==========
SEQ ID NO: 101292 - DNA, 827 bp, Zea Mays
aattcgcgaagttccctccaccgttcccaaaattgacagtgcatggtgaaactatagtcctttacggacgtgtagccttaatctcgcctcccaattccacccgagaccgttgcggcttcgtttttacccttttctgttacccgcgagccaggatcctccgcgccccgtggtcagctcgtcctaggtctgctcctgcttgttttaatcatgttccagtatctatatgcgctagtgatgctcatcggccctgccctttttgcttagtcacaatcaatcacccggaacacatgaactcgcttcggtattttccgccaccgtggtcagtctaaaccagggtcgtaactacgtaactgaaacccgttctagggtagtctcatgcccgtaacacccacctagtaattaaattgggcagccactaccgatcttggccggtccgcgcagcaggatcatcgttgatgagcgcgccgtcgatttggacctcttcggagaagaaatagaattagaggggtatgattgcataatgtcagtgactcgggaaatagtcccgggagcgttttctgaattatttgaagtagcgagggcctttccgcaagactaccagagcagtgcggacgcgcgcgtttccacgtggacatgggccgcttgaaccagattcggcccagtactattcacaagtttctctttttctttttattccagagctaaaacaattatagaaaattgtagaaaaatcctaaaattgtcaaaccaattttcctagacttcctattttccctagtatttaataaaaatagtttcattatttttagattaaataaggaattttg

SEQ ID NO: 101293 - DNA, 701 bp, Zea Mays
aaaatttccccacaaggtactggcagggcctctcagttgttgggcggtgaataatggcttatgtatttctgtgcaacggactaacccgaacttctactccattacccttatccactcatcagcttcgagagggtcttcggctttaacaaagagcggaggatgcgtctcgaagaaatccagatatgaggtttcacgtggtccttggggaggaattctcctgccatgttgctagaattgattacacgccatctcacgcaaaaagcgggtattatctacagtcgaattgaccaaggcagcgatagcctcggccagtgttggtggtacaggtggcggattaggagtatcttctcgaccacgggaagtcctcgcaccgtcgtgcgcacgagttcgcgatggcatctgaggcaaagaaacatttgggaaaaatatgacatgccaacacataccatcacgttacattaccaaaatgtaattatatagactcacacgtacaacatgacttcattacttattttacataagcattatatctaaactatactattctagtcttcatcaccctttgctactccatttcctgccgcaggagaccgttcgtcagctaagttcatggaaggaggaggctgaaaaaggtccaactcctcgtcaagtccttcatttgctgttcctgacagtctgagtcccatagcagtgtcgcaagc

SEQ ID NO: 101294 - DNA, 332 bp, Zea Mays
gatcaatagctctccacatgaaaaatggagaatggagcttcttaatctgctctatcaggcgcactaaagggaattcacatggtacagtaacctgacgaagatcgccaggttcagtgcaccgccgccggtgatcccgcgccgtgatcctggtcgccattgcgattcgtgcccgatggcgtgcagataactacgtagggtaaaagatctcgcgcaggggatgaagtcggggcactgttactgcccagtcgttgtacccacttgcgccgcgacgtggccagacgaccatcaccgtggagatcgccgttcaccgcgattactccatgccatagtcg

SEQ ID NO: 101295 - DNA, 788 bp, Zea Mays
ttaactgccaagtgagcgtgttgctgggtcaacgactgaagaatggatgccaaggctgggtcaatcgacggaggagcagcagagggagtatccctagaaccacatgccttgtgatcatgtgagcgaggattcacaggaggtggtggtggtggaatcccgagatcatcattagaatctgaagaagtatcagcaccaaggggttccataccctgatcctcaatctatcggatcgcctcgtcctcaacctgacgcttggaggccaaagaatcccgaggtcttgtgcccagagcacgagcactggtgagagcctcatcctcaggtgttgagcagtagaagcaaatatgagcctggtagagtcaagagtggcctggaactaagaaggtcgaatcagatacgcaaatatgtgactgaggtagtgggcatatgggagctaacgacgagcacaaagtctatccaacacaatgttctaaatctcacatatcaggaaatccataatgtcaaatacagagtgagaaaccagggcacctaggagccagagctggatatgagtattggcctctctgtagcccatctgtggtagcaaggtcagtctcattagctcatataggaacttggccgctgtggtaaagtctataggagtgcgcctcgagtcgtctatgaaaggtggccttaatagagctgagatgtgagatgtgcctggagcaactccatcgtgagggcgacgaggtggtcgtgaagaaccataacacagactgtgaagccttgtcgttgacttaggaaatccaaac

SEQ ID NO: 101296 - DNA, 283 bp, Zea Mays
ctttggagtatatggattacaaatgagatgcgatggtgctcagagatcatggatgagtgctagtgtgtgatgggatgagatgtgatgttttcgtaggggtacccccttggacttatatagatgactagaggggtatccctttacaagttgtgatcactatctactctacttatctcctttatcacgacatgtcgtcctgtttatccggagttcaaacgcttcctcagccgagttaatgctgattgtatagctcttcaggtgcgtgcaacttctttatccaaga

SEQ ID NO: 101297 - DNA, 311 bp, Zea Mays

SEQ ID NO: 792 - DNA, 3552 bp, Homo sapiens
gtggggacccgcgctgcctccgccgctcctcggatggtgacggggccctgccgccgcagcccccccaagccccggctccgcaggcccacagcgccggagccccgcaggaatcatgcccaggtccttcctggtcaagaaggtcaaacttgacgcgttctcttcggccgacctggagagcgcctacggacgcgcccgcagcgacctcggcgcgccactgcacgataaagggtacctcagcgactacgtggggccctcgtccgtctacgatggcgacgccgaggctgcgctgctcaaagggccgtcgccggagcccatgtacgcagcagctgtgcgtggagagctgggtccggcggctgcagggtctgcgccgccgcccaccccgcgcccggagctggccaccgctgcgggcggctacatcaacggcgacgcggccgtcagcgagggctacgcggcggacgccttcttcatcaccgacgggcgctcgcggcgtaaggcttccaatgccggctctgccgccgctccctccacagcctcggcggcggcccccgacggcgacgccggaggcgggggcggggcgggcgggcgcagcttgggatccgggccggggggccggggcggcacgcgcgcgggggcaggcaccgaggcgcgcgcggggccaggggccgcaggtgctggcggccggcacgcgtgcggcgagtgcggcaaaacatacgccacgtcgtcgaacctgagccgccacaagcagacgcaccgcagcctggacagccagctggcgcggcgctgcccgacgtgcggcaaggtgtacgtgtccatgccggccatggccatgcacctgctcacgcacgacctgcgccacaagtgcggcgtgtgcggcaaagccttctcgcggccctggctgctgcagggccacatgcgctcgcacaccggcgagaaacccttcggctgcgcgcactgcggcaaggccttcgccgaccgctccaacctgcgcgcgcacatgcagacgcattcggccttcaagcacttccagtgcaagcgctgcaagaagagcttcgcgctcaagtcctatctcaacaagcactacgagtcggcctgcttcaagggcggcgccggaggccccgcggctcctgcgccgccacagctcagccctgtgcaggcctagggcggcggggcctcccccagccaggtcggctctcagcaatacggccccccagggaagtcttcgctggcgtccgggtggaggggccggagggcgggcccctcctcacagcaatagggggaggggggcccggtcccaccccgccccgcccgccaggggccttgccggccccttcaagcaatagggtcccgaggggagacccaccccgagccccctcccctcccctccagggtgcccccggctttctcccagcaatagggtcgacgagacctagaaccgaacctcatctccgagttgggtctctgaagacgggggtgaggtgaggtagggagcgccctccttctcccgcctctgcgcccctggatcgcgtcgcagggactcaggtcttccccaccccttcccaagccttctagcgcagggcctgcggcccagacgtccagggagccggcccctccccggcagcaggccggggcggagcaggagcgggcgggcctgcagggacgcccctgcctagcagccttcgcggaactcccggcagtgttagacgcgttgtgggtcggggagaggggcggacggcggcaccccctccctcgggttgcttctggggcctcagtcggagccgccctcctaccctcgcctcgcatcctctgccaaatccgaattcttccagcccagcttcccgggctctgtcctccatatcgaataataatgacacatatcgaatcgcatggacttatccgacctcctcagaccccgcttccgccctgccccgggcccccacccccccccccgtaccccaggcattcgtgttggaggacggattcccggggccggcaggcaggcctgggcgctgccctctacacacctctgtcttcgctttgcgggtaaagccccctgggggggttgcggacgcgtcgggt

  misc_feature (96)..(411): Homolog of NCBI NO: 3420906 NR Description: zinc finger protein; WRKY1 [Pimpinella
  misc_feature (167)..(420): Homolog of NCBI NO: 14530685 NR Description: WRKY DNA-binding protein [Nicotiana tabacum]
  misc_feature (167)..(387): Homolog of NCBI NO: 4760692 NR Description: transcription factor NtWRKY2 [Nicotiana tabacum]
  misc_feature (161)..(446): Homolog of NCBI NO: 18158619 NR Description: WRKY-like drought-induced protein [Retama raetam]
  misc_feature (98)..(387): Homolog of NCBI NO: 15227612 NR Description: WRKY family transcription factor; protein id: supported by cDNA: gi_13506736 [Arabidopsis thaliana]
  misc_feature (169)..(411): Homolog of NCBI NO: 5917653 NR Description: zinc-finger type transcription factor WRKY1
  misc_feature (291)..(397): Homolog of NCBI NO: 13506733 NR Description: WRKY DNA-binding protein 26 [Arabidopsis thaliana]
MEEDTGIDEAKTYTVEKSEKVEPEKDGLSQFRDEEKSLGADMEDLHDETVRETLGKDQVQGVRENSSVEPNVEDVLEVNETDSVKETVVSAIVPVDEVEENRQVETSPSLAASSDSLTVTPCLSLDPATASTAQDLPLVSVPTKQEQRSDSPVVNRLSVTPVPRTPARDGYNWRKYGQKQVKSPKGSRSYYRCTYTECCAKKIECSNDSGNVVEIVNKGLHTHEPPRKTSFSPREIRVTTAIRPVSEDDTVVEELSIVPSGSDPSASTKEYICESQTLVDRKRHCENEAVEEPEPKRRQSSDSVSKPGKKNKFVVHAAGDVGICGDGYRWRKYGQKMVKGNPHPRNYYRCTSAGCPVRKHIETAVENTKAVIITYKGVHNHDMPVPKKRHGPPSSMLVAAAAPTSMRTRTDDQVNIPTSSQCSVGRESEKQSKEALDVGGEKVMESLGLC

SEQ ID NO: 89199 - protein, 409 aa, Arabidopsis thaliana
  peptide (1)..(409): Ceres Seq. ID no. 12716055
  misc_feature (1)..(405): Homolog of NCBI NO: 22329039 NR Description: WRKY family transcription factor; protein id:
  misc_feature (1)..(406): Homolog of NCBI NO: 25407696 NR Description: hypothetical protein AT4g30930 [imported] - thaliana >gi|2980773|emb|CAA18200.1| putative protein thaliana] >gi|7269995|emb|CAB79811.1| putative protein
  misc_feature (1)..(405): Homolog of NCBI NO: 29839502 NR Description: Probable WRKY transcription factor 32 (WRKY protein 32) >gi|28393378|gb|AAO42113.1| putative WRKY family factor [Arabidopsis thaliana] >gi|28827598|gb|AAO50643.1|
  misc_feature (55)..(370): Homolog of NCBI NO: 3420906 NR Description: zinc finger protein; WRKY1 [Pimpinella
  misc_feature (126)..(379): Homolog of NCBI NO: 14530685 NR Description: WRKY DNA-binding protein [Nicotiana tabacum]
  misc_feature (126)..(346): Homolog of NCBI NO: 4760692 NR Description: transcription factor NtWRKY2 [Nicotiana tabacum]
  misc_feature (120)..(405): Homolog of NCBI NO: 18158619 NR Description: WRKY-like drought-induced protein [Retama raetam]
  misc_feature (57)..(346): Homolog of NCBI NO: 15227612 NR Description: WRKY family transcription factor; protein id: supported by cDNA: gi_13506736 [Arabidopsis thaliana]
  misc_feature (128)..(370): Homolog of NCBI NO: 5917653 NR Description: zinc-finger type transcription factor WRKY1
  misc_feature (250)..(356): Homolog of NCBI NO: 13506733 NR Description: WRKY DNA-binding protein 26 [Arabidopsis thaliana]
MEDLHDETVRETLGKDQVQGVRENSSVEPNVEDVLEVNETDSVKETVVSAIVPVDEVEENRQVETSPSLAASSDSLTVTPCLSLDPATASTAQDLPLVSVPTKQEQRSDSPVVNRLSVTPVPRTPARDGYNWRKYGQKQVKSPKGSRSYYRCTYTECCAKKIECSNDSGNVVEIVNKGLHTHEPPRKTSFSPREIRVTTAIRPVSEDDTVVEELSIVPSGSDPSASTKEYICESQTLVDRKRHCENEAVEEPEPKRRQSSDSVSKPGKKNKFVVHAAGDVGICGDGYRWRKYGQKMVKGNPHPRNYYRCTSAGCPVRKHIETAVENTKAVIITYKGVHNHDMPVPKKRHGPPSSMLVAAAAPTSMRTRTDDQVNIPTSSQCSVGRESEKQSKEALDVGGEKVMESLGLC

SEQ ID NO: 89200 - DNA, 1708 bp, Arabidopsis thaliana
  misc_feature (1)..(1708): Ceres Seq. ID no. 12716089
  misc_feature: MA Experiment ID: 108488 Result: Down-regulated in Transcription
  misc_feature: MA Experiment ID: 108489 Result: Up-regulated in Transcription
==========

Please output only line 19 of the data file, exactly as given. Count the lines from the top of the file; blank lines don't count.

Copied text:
  misc_feature (169)..(411): Homolog of NCBI NO: 5917653 NR Description: zinc-finger type transcription factor WRKY1